Gabriela didn’t begin the calendar as a form of art making, but she has increasingly recognized it as an intrinsic form of visual expression that has become an art form.  In this way, the painting that I made (above) of a section of one of her pages is collaborative.  It is the first large-scaled painting that I have made of diaristic material that is not my own.

This painting is a recreation of a section, and I hope that when translated into painting at an amplified scale, the correlation is made between effort and subject matter, and there is equity.

The original calendar pages are complete and amazing works unto themselves, and you can see them at:

Sunday, December 19, 2010

rachel hecker studio december 2010

Studio view 2007

For the past several years, I have been making paintings of my hand written lists, notations, appointment cards, half-used sheets of stickers/labels, and other accumulated paper detritus. I am interested in the unselfconscious nature of the imagery and the unintentional poetry, and how these collections become inadvertent diaries of how we exist in the world, exposing foible, banality, repetition, desire, expectation, habituation, ritual, hopefulness and doubt. I refer to this work as painting for convenience, but I approach and think of it as sculpture. What I am trying to do is to remake rather than represent things. Given this criteria, I prefer to present the work relationally, fully cognizant of space, and resisting the stasis of the wall. The work seen below- while made up of 40 component parts - was not complete until it was installed for a show that I did in 2009 at Texas Gallery in Houston called “my world is really small and you are in it.” The work was stacked against two long facing walls. Here are two installation views:

my world is really small and you are in it, 2009, East Wall, 22 paintings, 45’ length, Texas Gallery

my world is really small and you are in it, 2009, West Wall, 18 paintings, 45’ length, Texas Gallery

I still make these paintings when something strikes me as particularly poignant, but I also find myself moving towards images that question painting in general, and my sense of repetitious failure in particular. When I finish a piece, and I am always disappointed that it is “just” a painting or a sculpture or a drawing. I expect the work to do something that it can’t do - to resist its own inertia. I don’t believe in objective reality, so the things that exist as matter - including my own work - appear as the props of phantasmagoria. What is interesting to me now is the fact that I continue to make work (with respect and love) that can only end in failure, and I am taking this on more directly in the form of content. For example, I am working on paintings that I call “Paintings that Do Something”, which I interpret as a non-sequitur, and I recently tried to “rescue” a portrait that I painted of my brother by implanting it with natural eyelashes, as a way to enliven it.

Studio view, 2010

Top image:
Paintings that do something / Anamorphic Skull, 2010, acrylic on canvas, 20” x 96”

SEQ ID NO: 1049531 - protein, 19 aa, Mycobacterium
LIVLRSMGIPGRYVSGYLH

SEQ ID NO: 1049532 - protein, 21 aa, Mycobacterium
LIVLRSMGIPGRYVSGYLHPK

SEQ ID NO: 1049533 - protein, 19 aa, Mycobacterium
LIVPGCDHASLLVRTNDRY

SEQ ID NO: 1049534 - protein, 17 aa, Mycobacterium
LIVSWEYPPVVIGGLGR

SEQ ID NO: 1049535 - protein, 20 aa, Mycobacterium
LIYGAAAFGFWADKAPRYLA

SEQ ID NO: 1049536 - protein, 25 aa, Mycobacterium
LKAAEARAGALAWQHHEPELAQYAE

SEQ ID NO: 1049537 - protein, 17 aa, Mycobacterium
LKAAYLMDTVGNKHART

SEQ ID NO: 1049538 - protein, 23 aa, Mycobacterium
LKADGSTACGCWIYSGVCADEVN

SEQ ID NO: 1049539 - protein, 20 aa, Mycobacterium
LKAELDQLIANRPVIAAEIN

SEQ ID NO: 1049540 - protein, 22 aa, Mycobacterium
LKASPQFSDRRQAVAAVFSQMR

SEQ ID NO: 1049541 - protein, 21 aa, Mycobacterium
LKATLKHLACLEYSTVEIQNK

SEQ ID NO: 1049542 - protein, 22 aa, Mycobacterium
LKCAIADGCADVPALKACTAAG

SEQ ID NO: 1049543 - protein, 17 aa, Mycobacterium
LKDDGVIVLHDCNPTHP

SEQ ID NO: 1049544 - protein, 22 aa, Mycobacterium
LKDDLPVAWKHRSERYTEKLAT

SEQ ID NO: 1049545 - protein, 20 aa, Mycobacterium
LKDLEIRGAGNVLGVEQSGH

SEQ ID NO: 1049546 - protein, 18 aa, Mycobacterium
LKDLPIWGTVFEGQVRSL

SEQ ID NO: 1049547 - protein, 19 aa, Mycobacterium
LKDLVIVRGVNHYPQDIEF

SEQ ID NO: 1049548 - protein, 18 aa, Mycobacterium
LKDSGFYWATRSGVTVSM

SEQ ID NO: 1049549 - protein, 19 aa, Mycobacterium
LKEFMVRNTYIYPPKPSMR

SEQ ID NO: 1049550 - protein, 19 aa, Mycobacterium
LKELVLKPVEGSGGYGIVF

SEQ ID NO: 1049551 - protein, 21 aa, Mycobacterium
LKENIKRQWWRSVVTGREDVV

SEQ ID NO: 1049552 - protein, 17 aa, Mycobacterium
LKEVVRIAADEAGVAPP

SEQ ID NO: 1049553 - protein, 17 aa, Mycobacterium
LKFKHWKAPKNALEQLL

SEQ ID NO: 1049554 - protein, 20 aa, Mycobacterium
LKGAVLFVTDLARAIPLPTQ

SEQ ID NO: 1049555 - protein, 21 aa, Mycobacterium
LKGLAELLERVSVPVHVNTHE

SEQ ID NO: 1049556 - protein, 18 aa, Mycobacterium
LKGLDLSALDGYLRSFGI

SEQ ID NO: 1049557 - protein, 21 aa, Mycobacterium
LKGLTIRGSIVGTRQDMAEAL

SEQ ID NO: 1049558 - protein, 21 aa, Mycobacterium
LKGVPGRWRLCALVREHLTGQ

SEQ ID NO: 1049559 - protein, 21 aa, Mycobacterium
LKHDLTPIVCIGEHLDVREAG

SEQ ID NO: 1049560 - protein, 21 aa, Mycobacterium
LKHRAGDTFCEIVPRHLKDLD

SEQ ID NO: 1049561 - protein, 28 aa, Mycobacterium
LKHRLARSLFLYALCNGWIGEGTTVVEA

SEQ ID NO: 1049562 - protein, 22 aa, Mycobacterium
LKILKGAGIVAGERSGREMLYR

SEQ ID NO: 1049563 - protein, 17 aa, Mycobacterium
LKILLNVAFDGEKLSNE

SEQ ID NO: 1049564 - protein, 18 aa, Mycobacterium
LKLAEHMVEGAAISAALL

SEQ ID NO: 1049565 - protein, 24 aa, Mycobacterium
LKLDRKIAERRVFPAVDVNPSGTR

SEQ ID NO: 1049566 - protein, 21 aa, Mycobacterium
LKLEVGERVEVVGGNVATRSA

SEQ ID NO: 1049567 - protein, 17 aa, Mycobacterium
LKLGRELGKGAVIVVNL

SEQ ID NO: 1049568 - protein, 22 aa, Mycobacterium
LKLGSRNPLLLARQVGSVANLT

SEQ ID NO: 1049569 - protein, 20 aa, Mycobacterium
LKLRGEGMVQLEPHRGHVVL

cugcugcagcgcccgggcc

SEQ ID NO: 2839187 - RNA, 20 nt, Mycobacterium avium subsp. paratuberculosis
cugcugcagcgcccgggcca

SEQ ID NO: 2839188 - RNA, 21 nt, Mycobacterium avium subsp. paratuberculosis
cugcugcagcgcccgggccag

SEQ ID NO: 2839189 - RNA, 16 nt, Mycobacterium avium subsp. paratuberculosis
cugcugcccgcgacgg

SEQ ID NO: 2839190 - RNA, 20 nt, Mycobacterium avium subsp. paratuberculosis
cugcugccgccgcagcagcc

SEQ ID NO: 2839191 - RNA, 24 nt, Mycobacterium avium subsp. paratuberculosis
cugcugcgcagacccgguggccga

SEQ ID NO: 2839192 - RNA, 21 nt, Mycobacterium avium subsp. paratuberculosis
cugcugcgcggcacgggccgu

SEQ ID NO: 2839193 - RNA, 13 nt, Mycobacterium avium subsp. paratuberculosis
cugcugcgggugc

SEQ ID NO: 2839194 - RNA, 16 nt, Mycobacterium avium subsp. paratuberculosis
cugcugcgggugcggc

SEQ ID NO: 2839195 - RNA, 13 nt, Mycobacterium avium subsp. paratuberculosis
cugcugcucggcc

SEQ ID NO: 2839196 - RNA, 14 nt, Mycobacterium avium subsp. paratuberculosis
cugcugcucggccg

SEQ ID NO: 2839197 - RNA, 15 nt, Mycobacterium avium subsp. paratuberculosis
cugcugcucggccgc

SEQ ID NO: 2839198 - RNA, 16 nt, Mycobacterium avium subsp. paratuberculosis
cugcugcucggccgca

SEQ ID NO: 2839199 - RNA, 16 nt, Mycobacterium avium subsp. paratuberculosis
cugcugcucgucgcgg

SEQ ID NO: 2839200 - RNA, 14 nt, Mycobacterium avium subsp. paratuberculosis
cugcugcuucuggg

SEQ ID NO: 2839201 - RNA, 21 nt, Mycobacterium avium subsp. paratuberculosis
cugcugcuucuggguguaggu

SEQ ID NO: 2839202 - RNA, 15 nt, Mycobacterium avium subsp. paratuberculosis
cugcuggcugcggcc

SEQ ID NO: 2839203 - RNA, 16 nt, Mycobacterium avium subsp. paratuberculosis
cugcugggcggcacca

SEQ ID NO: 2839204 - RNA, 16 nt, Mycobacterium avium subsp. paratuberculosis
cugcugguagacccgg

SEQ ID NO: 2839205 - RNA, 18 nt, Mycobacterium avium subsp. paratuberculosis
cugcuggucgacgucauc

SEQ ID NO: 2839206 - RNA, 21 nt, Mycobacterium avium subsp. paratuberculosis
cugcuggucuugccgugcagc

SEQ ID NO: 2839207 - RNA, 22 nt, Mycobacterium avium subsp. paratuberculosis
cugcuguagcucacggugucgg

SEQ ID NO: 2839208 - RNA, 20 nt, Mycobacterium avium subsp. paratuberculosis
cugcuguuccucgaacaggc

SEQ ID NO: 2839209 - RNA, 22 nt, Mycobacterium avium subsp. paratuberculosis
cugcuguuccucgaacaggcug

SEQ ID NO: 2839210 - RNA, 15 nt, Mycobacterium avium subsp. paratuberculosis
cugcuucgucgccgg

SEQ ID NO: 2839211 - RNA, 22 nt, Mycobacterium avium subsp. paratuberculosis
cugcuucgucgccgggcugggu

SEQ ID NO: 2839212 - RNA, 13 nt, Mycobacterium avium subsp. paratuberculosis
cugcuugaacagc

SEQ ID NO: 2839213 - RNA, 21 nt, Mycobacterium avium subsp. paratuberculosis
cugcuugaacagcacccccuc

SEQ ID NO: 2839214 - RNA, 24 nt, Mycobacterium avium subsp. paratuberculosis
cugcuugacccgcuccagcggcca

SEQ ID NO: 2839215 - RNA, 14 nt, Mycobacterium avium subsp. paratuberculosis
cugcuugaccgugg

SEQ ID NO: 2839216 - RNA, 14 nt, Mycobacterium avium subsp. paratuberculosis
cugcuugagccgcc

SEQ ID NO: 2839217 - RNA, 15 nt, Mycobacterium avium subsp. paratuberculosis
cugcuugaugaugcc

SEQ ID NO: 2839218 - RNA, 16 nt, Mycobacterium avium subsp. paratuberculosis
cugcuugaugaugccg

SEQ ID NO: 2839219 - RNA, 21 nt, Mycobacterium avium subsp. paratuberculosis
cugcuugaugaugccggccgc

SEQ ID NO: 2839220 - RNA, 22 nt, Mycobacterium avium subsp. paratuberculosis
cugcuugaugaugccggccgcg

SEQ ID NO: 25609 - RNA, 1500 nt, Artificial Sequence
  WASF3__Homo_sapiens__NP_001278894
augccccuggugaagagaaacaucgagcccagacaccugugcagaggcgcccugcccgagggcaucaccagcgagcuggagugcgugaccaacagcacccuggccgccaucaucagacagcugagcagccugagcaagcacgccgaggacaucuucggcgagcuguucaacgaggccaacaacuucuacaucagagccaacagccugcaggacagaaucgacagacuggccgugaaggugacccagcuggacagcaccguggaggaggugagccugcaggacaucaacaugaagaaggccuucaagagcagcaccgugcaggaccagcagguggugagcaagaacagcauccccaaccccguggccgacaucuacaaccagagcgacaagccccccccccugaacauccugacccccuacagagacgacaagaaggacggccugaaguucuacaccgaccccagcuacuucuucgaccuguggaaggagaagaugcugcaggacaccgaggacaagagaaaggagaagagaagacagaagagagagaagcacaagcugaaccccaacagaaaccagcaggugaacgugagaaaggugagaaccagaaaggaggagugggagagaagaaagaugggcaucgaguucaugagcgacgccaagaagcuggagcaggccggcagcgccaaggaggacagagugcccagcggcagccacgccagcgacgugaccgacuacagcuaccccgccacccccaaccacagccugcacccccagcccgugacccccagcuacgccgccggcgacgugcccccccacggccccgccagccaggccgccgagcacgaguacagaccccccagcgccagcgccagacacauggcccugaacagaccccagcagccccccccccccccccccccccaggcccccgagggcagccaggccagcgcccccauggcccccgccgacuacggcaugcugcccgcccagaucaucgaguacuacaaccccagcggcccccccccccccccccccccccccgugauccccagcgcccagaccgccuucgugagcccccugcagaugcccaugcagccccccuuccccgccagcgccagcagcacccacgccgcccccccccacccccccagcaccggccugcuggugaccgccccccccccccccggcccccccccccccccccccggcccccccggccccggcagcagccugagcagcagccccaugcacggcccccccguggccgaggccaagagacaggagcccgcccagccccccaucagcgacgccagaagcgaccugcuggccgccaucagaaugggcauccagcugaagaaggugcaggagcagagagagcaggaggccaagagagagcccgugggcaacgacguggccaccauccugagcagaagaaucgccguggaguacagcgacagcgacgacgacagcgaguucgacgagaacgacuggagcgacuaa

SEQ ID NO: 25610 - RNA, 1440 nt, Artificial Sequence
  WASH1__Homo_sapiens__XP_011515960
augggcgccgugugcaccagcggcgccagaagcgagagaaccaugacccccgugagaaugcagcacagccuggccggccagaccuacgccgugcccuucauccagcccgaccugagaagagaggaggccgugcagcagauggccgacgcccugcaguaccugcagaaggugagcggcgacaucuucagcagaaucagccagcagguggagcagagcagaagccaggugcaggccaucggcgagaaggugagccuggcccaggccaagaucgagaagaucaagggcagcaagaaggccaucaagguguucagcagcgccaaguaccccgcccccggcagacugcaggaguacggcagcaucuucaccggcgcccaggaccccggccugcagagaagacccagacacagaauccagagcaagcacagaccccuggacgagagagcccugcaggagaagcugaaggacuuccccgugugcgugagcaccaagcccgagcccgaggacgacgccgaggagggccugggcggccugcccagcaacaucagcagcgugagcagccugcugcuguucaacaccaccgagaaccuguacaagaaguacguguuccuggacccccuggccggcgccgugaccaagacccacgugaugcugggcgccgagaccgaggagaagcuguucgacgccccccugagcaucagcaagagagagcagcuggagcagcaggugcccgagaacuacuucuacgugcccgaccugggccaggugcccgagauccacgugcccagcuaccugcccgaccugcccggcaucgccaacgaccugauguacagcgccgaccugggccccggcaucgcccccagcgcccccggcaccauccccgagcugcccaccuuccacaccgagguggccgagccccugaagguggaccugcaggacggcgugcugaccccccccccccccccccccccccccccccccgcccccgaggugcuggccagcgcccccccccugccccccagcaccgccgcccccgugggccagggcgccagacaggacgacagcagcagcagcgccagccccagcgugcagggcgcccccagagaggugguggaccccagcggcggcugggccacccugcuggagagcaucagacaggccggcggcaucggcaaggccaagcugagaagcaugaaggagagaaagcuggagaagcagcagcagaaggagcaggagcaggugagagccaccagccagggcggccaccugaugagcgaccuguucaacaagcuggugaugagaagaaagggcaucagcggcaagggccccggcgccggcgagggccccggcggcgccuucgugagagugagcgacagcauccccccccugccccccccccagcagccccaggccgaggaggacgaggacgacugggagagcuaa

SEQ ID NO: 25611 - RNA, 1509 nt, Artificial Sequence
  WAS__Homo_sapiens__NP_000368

Left - Right: 
We Closed, 2009, acrylic on canvas, 60” x 84” 
Love Daddy, 2010, acrylic on canvas, 14” x 22”
Paintings that do something / Scintillating Hermann Grid, 2009, acrylic on canvas, 72” x 54”
This Item intended for sale at CVS, 2010, acrylic on canvas, 48” x 48”
Paintings that do something / QR Code Painting, 2010, acrylic on canvas, 60” x 60”
Visitor Pass, 2010, acrylic on canvas, 20” x 30” 
Not Made In China, 2010, acrylic on canvas, 12” x 72” 
Fall Risk Bracelet, 2010, acrylic on polystyrene, 16” diameter x 6” x 1/8” 
Right Wall: 
Portrait of My Brother / Yearbook, 2010, acrylic on canvas with implanted natural eyelashes, 72” x 60”

I carefully hand-paint as an act of redemption - I am trying to save the image. (I do not use vinyl stencils, printmaking, or photomechanical processes). My investments of time and care reflect a belief that value is not endemic to any particular thing, but rather experienced, moment-by-moment. Slow painting is like turning the beads on a rosary.

Paintings that do something / Anamorphic Skull, (detail: view from left), 2010

I have a complicated relationship to painting (the noun). I love its history and deplore its authority. I believe that its quaintness – as a gesture in the face of technology – is a great strength, and its torpidity an ultimate disappointment. I am interested in the enigmatic idea of “paintings that (actually) do something”. The skull can only be seen without distortion as the viewer moves towards or away from the image, changing the image and enhancing the metaphor.

The QR Code (above top) is a type of bar code that I first imbedded with a photo of a chimp looking in a mirror (above bottom), then made a painting of that QR code. If you download a QR Code application (free) to your Smart Phone, you can hold your phone camera up to the painting and the QR Code reader will (within seconds) show you the image of the chimp.

Above is a detail from
Scintillating Hermann Grid Variation, 2009, acrylic on canvas, 72” x 54”, from “Paintings that Do Something”. This optical illusion is a variation of the optical illusion discovered by E. Lingelbach in 1994, which was a variation of the Hermann grid illusion, discovered by Ludimar Hermann in 1870. The scintillating grid illusion is characterized by random black dots appearing and disappearing at the intersections. You will most likely be able to experience this phenomenon in this detail from my painting.

Visitor Pass, 2010, acrylic on canvas, 20” x 30” and Fall Risk Bracelet, 2010, 
acrylic on polystyrene, 16” diameter x 6” x 1/8”

A good friend of mine was recently hospitalized. I try to remember what some people try to forget.
This gives me a heightened sense of exigency.